Turkish opposition politician could face 17 years in prison
A Turkish court has indicted the Istanbul head of the country's leading opposition party on charges that could see her face up to 17 years in prison, local media reported.
Istanbul provincial chair for the Republican People's Party (CHP) Dr Canan Kaftancioglu has been described as the architect of CHP candidate Ekrem Imamoglu's success in the March Istanbul mayoral elections.
Since cancelled by Turkey's highest electoral authority after a series of objections by the ruling Justice and Development Party (AKP), the election is set for a re-run on 23 June.
Istanbul prosecutors last week demanded Kaftancioglu's imprisonment over tweets she had written between 2012 and 2017.
The Istanbul Chief Public Prosecutor's Office on Monday accepted the indictment against Kaftancioglu, meaning the Istanbul CHP chief will face trial on charges of distributing propaganda for a terrorist organisation, insulting the Turkish president and government, and inciting hatred and enmity.
While "insulting the president" has been a criminal offence in Turkey since its foundation, the charge has become increasingly common since Recep Tayyip Erdogan was elected president five years ago.
Human Rights Watch last year condemned the rising use of the charge, noting that its use has dramatically risen since 2014, when only 40 people were convicted for "insulting the president". In 2017, more than 2,000 people were found guilty of the charge.
More than 66,000 investigations have been launched since Erdogan assumed the presidency, resulting in 12,305 trials so far, Istanbul Bilgi University law professor Dr Yaman Akdeniz told leftist opposition newspaper BirGun in March.
Formed after an investigation launched last year, the accepted indictment seeks a jail term ranging from almost five years to 17 years.
One tweet in the indictment, posted after the assassination of three Kurdish women activists in Paris in six years ago, has received particular attention from supporters of the government.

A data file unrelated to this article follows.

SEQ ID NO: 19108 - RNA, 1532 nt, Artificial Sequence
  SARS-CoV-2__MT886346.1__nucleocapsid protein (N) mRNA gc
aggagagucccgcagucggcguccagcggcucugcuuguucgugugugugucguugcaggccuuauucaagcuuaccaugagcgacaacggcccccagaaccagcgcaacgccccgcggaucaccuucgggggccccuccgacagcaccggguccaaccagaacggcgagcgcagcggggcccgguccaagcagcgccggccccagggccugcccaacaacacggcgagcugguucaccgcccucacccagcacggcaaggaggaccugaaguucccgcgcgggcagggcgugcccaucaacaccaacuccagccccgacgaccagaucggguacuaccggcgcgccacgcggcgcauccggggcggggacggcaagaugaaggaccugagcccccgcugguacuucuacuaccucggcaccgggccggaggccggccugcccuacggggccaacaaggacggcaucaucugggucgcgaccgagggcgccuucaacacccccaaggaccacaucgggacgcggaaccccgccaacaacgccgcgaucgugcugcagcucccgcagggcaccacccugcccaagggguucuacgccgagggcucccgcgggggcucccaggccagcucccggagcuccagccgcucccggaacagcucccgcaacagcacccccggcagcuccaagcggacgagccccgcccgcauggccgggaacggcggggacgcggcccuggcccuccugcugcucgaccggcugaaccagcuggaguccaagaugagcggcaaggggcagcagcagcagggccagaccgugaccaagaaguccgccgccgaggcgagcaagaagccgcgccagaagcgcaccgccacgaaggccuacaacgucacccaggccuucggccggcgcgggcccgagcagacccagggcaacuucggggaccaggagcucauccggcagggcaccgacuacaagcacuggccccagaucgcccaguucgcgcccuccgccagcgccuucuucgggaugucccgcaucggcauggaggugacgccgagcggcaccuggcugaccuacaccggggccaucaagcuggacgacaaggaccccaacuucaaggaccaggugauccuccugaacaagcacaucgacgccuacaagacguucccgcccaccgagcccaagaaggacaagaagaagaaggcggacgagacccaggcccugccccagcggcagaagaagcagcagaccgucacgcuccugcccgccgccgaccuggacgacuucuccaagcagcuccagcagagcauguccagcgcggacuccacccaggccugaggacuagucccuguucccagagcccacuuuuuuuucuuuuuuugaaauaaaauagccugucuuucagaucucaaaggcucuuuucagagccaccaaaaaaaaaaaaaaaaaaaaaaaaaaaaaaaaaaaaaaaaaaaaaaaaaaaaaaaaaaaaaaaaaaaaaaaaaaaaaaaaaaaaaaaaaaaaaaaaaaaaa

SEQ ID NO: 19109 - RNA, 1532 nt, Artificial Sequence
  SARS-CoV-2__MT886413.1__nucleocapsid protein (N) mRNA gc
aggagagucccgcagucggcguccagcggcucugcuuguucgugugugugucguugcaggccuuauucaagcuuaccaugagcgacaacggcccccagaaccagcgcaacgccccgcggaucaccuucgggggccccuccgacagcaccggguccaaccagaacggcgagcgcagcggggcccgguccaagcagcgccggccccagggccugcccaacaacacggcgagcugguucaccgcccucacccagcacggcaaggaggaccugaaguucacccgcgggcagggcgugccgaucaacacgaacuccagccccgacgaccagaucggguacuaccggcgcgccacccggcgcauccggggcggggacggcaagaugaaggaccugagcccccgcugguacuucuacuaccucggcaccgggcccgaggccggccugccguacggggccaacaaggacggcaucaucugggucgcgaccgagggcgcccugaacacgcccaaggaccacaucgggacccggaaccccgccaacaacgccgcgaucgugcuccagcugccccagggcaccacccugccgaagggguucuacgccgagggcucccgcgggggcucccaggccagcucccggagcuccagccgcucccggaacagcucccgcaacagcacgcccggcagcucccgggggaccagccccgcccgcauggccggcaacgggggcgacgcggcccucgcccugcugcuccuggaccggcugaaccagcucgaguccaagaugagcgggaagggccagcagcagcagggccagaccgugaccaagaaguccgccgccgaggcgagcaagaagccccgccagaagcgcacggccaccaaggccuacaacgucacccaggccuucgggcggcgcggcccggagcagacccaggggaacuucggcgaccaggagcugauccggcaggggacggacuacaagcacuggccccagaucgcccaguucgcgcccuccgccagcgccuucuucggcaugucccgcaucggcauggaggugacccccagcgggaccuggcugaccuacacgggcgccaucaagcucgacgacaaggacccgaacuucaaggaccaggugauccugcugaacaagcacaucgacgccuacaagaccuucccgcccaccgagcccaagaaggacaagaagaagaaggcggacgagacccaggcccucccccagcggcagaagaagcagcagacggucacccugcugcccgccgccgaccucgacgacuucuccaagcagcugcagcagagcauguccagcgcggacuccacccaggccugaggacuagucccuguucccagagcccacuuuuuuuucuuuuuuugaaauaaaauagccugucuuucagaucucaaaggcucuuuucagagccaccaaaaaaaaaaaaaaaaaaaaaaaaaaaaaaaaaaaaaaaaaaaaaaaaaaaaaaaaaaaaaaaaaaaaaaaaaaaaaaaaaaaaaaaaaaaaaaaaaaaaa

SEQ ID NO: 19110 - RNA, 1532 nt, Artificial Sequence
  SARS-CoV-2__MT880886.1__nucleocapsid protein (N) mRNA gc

"The history of the mankind starts with a woman. Humanity loses due to things done to women," Kaftancioglu tweeted, quoting Sakine Cansiz - one of the murdered women and a co-founder of the Kurdistan Workers' Party (PKK), a Kurdish nationalist militia that is considered a terrorist organisation by Turkey.
That tweet, by publishing the words of a PKK founder, constituted spreading "terrorist propaganda", government supporters said.
In her testimony made last week, Kaftancioglu admitted to writing all but one of the tweets in the indictment, Cumhuriyet reported.
The tweet the Istanbul CHP head denied writing referenced commemorating the "Armenian genocide", which remains a particularly contentious phrase in Turkey.
In another tweet, Kaftancioglu accuses the state of being a "serial killer".
The tweet references the death of Berkin Elvan, a 14-year-old boy shot in the head with a tear gas canister by police during the 2013 Gezi protests. Elvan died after spending almost a year in a coma.
"It's not a state, it's a serial killer," Kaftancioglu tweeted. "Farewell, my Berkin."
The tweet is including in the indictment under the charge of insulting the state. It is a crime in Turkey to "insult" the Turkish nation and government institutions.
Opposition activists have accused the judiciary of lodging the case in order to sabotage the CHP's chances in the upcoming mayoral election re-run.
The first hearing of the case will be heard in court on 28 June, pro-government daily Sabah reported.